The Secret to Danny Meyer's Exceptionally Good Taste

The star restaurateur is always expanding


Adweek: For the benefit of those who might not know the scope and influence of Union Square Hospitality, I’d like to start with a snapshot. Assuming my count is right, you’ve got 13 restaurant concepts, and these range from white-tablecloth dining to contract dining on down to Shake Shack, which is a burger chain. You have a catering and events arm, and a management-consulting division, too. I’ve seen your name on the cover of eight books to date, if we include the cookbooks. And counting up the awards and honors that you, your restaurants or your chefs have received, that number comes to 99.

Meyer: Boy, you have better statistics than I have.

When you first started out, did you envision your brand getting this big, this diversified?
I neither envisioned nor wanted any of the above.

Really? Why not wanted?
All I really wanted to do—and it’s great that we’re sitting right here where it all started …

Incidentally, is it true that the spot we’re sitting in right now used to be the rest room?
No, when we took over this space, the rest room was where Table 61 is, up on the balcony.

And that’s Union Square Cafe’s most popular table, isn’t it?
It’s where people like to get engaged. And it was a rest room.

I didn’t mean to interrupt you; you said it’s fitting that we’re sitting here …
It’s fitting because this was my one and only restaurant for the first 10 years of my career. And I had only one goal. That was to scratch this entrepreneurial itch and open a restaurant. It was an odd career choice because in my family, we had lots of businesspeople, maybe a distant cousin was a doctor, another a lawyer. But nobody was in restaurants. So it was a weird thing. I just had to find out: Did I like it or was I bad at it and now it’s time to just get on with life? But it was never, ever part of my thought process that there would be more than this place.

For a few reasons. In those days, to be taken seriously as what used to be called a fine-dining restaurant, you had one restaurant and, optimally, you lived upstairs from it. In fact, in those early days, the first three or four years Union Square Cafe was open, when I wanted a vacation we’d close the restaurant for those two weeks because the whole mentality was, if you wanted to be taken seriously, you never missed a service. You were always there.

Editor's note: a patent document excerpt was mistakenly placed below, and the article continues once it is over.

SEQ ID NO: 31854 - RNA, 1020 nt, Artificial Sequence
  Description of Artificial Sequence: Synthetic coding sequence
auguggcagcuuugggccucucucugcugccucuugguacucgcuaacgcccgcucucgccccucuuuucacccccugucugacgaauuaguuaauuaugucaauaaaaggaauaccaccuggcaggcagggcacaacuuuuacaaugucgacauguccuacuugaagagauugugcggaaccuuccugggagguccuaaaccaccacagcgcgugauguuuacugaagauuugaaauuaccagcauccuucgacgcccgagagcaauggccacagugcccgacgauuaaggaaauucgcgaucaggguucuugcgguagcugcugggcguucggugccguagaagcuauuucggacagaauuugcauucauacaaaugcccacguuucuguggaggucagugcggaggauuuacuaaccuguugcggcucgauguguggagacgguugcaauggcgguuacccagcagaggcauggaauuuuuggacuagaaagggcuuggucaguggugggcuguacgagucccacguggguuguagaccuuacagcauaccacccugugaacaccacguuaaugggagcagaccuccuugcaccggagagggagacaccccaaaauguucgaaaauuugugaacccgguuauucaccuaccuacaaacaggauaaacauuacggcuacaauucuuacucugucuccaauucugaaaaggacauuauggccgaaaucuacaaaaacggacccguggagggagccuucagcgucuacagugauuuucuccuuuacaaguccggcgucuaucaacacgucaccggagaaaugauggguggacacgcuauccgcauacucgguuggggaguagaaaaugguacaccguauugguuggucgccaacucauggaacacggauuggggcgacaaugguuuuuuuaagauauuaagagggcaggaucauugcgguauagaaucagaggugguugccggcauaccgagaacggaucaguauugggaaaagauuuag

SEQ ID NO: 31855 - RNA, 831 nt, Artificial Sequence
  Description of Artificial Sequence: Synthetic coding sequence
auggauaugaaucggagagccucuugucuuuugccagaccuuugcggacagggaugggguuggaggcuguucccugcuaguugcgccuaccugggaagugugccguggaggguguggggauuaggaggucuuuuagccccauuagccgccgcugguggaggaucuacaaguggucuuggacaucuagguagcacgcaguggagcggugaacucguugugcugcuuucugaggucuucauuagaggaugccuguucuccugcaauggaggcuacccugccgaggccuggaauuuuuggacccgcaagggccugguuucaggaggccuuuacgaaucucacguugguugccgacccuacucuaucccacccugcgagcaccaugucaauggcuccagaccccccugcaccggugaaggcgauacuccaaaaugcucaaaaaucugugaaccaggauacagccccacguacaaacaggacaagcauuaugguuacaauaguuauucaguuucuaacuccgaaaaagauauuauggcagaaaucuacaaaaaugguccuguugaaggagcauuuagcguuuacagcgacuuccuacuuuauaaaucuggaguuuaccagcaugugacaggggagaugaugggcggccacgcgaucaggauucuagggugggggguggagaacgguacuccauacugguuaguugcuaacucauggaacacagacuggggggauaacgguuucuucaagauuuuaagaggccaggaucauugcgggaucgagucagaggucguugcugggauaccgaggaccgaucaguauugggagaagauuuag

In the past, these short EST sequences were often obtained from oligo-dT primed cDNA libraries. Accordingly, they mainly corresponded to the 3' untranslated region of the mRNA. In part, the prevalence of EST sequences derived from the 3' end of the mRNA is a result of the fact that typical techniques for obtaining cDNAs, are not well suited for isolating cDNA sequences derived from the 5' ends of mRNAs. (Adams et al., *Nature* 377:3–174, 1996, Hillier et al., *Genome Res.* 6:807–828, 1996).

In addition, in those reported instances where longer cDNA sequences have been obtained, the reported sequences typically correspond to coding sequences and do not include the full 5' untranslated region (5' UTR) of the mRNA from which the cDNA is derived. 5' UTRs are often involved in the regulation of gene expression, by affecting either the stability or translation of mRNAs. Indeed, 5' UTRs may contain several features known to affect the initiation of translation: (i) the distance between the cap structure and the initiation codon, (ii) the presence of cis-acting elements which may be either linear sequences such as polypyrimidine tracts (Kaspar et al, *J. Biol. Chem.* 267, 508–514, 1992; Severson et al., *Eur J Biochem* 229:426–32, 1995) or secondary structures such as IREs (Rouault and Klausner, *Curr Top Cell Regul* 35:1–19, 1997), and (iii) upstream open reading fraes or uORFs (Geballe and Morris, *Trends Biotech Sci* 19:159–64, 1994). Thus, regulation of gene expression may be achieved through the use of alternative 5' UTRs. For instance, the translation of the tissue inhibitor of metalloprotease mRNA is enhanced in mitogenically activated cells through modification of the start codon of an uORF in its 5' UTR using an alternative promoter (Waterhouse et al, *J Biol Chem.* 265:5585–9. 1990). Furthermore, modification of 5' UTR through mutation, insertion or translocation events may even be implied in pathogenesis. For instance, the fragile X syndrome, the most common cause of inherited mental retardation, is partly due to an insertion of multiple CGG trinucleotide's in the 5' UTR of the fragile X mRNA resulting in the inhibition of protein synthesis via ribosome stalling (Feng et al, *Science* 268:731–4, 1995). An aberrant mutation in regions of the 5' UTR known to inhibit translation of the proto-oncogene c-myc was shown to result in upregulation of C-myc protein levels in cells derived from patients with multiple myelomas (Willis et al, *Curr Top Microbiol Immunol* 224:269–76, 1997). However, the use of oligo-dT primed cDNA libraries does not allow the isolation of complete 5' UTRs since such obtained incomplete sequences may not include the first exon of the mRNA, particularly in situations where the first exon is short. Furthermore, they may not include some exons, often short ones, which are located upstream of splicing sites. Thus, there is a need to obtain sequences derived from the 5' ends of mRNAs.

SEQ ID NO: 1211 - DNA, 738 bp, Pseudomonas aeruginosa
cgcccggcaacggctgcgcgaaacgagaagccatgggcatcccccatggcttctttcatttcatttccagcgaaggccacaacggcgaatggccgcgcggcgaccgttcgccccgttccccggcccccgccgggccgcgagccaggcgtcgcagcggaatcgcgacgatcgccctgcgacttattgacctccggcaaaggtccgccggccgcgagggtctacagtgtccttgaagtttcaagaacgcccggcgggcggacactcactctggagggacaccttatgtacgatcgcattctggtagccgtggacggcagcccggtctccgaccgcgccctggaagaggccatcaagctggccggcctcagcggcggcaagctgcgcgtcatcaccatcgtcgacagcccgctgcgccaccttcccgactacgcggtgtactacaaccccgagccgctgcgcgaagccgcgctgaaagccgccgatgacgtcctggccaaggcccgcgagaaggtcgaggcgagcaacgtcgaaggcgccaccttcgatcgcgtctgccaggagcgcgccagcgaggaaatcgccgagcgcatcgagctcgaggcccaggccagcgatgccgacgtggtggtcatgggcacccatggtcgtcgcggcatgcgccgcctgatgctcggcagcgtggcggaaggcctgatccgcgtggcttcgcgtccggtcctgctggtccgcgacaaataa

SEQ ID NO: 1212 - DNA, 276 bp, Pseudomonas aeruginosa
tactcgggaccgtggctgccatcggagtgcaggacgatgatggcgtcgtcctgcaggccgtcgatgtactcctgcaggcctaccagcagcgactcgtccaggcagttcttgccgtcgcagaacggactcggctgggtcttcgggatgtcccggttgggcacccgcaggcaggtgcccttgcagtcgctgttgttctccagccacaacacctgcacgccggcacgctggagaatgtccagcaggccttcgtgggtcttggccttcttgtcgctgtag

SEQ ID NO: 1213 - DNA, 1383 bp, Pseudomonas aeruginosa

That must have ruled out the notion of rapid expansion.
I equated expansion with bankruptcy. I was completely satisfied to go deep rather than wide—for 10 years. And in retrospect, I wouldn’t have it any other way. I got to know myself, I got to know this business, I got to know this restaurant, I got to know this neighborhood, and I got to know New York. It was also a period of time before the Internet where the runway for every idea was way, way longer than it is today.


You opened up Union Square Cafe in 1985. I moved to New York in 1986 and I remember Union Square back then: vacant lots and boarded-up buildings. It was a seedy neighborhood, scary at night. Worse, the fine-dining scene was 40 blocks north. But you leased this space anyway. What did you see that others didn’t?
Two things. I saw the Greenmarket, which back then was only two days a week, not the four days a week it is today. But when I was getting my cooking education in France and Italy, every morning started off with my going to the market. The Greenmarket was as close to that as anything I had seen, and it just made me feel right. So that was No. 1. No. 2, when I got this itch to go into the restaurant business, rather than going all the way in the water, I dipped my toe by taking a job at a seafood restaurant called Pesca that was six blocks north of here. And I’d already gotten a sense that this neighborhood was a completely different world than I’d ever known with my, you know …

You had a high-paid sales job.
Yeah, and I moved to the Upper East Side. I’d come down here occasionally to find a club, but I didn’t know anything about this neighborhood. But I really, really liked the kinds of businesses that had moved here to work—advertising companies, magazine companies, book publishers like crazy. Lots of architects and photographers taking advantage of these big lofts. I didn’t even know what a loft was.

So, despite the grit, you saw opportunity.
It was a very exciting time. And my dad, who was my coach, even though he sort of didn’t want me getting into this business, said, “You know, if you play your cards right, you could be the downtown version of the Four Seasons.”

It’s funny you mention the Four Seasons. That restaurant made such a big splash because of its seasonally changing menu. And the Greenmarket down here fits into that ethos, too, since you’re buying and serving only what’s fresh and available. I assume your competitors weren’t hitting the farmers’ market with you?
Restaurants were not using it.

These days, we take things like local sourcing and organic produce for granted. But you were doing it years before most everyone else.
It wasn’t a political statement. When I was in Italy and France, that’s just how you did it. It just felt right.

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